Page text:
Laboratory automation is one of the big topics that can be tackled to enable new and improved processes. However, we tend to see this automation mostly as the introduction of robotics.
The aim of laboratory automation is to increase productivity, raise data quality and reduce process cycle times. But what if it could be introduced on a smaller, yet still effective, scale in any laboratory, specifically for chromatographic analyses? Did I pique your interest? Great, then let me introduce you to the wonderful world of custom fields in Waters Empower 3!
First, let's bring you up to speed. Waters Empower 3 software is a chromatography data system which, when connected to chromatographic instruments, assists with the management of raw data and test results through data acquisition, processing and reporting. Needless to say, this generates heaps of data, complex calculations and reports, but simultaneously it also addresses data integrity and compliance through the availability of electronic signatures and automated audit trails. The built-in calculations, while elaborate and plentiful, or sometimes not enough to handle the requirements of the laboratory, and a shift is made towards manual calculation, be it through spreadsheets or by calculator among others. And that is where these fabled custom fields come in. In this blog, we will take you through some of the best practices for implementing and validating Empower custom fields in your laboratory.
Devising an implementation strategy
Custom Fields consist of input fields and calculations that allow the user to input required values and receive a result as output. These results can be numerical, logical or text-based, depending on requirements and the custom calculations used. But before you run off to implement an entire series of custom fields, first check if this calculation is not readily available within Waters Empower 3, such as a complex relative standard deviation formula. If these default functionalities are not sufficient, a switch to custom fields is necessary.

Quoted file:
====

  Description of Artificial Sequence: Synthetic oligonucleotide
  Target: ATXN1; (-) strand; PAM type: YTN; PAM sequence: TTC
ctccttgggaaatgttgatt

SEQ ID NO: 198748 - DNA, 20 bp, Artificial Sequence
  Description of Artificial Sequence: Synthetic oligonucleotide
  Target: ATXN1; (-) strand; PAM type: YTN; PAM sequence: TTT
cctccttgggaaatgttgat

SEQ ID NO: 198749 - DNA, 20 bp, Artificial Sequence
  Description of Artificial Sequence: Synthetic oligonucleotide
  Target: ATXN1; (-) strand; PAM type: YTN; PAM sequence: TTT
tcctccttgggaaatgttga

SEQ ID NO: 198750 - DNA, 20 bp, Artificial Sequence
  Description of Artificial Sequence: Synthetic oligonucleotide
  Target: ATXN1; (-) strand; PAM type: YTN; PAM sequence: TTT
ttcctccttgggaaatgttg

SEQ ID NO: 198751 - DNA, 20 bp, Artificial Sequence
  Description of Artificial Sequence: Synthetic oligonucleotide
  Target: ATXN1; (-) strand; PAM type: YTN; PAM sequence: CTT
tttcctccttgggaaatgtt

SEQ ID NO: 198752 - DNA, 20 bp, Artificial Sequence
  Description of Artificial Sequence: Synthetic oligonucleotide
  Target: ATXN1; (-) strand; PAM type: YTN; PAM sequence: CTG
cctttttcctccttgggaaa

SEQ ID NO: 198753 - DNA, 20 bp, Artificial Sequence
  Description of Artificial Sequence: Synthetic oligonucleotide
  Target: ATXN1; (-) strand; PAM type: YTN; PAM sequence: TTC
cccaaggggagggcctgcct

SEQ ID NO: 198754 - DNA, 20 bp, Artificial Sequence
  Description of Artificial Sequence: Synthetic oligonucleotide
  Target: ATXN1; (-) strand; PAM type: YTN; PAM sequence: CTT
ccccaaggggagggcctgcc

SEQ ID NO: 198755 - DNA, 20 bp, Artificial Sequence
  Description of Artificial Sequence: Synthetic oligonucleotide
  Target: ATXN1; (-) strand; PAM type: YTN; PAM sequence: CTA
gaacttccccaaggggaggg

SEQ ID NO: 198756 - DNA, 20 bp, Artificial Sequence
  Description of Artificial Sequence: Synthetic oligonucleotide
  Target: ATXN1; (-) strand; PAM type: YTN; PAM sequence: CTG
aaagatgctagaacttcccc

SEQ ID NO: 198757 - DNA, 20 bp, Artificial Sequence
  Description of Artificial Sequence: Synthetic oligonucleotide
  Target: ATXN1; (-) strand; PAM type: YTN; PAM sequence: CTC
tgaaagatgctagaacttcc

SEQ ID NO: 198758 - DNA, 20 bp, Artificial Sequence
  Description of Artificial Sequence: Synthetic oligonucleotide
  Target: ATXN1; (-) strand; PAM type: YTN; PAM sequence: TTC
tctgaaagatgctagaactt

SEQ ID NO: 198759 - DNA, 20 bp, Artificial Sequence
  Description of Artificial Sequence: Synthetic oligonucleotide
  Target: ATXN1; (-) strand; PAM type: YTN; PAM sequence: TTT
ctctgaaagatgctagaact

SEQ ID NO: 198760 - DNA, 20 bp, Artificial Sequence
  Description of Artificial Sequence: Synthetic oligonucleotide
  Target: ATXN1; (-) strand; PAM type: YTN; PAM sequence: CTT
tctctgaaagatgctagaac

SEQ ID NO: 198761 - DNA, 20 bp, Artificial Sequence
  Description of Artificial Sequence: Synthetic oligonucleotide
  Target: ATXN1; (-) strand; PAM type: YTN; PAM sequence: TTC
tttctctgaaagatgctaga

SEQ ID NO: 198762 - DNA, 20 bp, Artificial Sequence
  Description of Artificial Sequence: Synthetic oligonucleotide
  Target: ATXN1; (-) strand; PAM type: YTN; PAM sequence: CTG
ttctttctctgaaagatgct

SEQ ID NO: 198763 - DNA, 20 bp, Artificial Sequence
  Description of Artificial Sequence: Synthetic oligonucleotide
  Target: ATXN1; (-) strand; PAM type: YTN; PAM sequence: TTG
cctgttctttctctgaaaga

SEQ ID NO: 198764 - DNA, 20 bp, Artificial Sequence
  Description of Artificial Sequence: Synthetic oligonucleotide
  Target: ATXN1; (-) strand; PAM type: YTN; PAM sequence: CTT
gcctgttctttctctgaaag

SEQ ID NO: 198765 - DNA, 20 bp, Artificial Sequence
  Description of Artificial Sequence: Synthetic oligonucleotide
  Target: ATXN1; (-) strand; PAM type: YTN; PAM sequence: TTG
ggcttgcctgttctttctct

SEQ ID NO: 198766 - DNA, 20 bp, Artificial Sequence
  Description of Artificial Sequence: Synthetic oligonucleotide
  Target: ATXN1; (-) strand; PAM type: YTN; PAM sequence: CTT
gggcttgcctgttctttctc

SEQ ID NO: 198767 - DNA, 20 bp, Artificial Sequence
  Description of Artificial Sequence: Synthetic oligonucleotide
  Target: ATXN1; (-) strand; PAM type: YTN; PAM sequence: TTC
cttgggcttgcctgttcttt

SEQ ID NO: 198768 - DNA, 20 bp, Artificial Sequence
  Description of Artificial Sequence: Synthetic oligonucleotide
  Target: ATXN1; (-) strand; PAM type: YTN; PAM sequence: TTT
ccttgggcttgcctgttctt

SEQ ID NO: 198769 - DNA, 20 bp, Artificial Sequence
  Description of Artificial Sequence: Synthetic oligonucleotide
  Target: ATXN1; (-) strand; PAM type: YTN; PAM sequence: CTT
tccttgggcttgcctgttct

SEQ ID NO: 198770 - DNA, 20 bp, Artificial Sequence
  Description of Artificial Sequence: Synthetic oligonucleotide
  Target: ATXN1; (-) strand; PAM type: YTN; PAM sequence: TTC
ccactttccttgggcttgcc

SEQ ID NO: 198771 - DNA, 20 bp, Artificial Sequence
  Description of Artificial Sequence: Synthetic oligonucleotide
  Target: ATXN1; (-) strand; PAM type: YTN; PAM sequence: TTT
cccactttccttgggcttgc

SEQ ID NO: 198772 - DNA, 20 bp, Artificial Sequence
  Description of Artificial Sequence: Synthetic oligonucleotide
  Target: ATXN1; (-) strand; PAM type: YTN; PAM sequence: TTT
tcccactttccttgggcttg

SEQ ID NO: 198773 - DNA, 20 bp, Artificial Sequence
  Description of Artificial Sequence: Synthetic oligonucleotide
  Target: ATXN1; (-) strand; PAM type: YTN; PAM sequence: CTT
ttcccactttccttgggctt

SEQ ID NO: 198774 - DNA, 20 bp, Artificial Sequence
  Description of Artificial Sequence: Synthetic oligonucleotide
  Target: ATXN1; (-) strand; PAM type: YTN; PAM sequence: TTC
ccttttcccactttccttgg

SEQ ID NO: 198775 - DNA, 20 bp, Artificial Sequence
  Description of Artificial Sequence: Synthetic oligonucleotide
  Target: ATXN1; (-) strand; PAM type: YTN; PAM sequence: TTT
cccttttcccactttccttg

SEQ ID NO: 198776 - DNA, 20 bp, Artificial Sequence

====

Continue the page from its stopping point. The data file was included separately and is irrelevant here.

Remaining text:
Let’s take a closer look at both types:
Input custom fields are either text-based (such as a lot number), or can be numerical (such as label claim). They are used to add these values that Empower does not possess inherently but are still needed for more complex calculations. Or they can be simply used to document additional information (such as stability testing conditions).
Calculated custom fields are used to perform calculations where default Empower functionalities are not able to meet the test method requirements. These Custom Fields automate the calculation process, while also removing the need to transcribe data (and thus more chance of generating mistakes) for manual calculation methods. When these fields are validated, it immediately reduces the review time required as well, as only input values need to be checked.
As is usually the case, it is a great idea to create a work instruction or user guide on how and when to use these fields. Complement this with some training sessions, as working with custom fields requires some time to get used to this new way of working.
Another useful practice is to create these custom fields in a generic manner:
Give custom fields a generic name, such as Percent_Label_Claim instead of Percent _Paracetamol.
Make calculations as generic as possible. Empower 3 custom fields are great at selecting specific information to make all necessary calculations. Use these functions to generalize the used formulas where possible.
Applying both guidelines will allow you to more easily and often reuse existing custom fields.
Of course, when all these custom fields are implemented and are grouped with all other available information, finding the correct piece of data might seem like looking for a needle in a haystack. But never fear, with Empower 3 you can make “Summary-by-All”-reports, which means that entire sample sets can be combined into one fully customizable report. Within you can show whichever information you want into adaptable and easy-to-use tables. Additionally, these reports are also where electronic signatures come in.
The shift from using individual reports, one per sample, to a completely integrated and standardized report also reduces the number of documents created and, in direct correlation with this, the amount of time spent on review.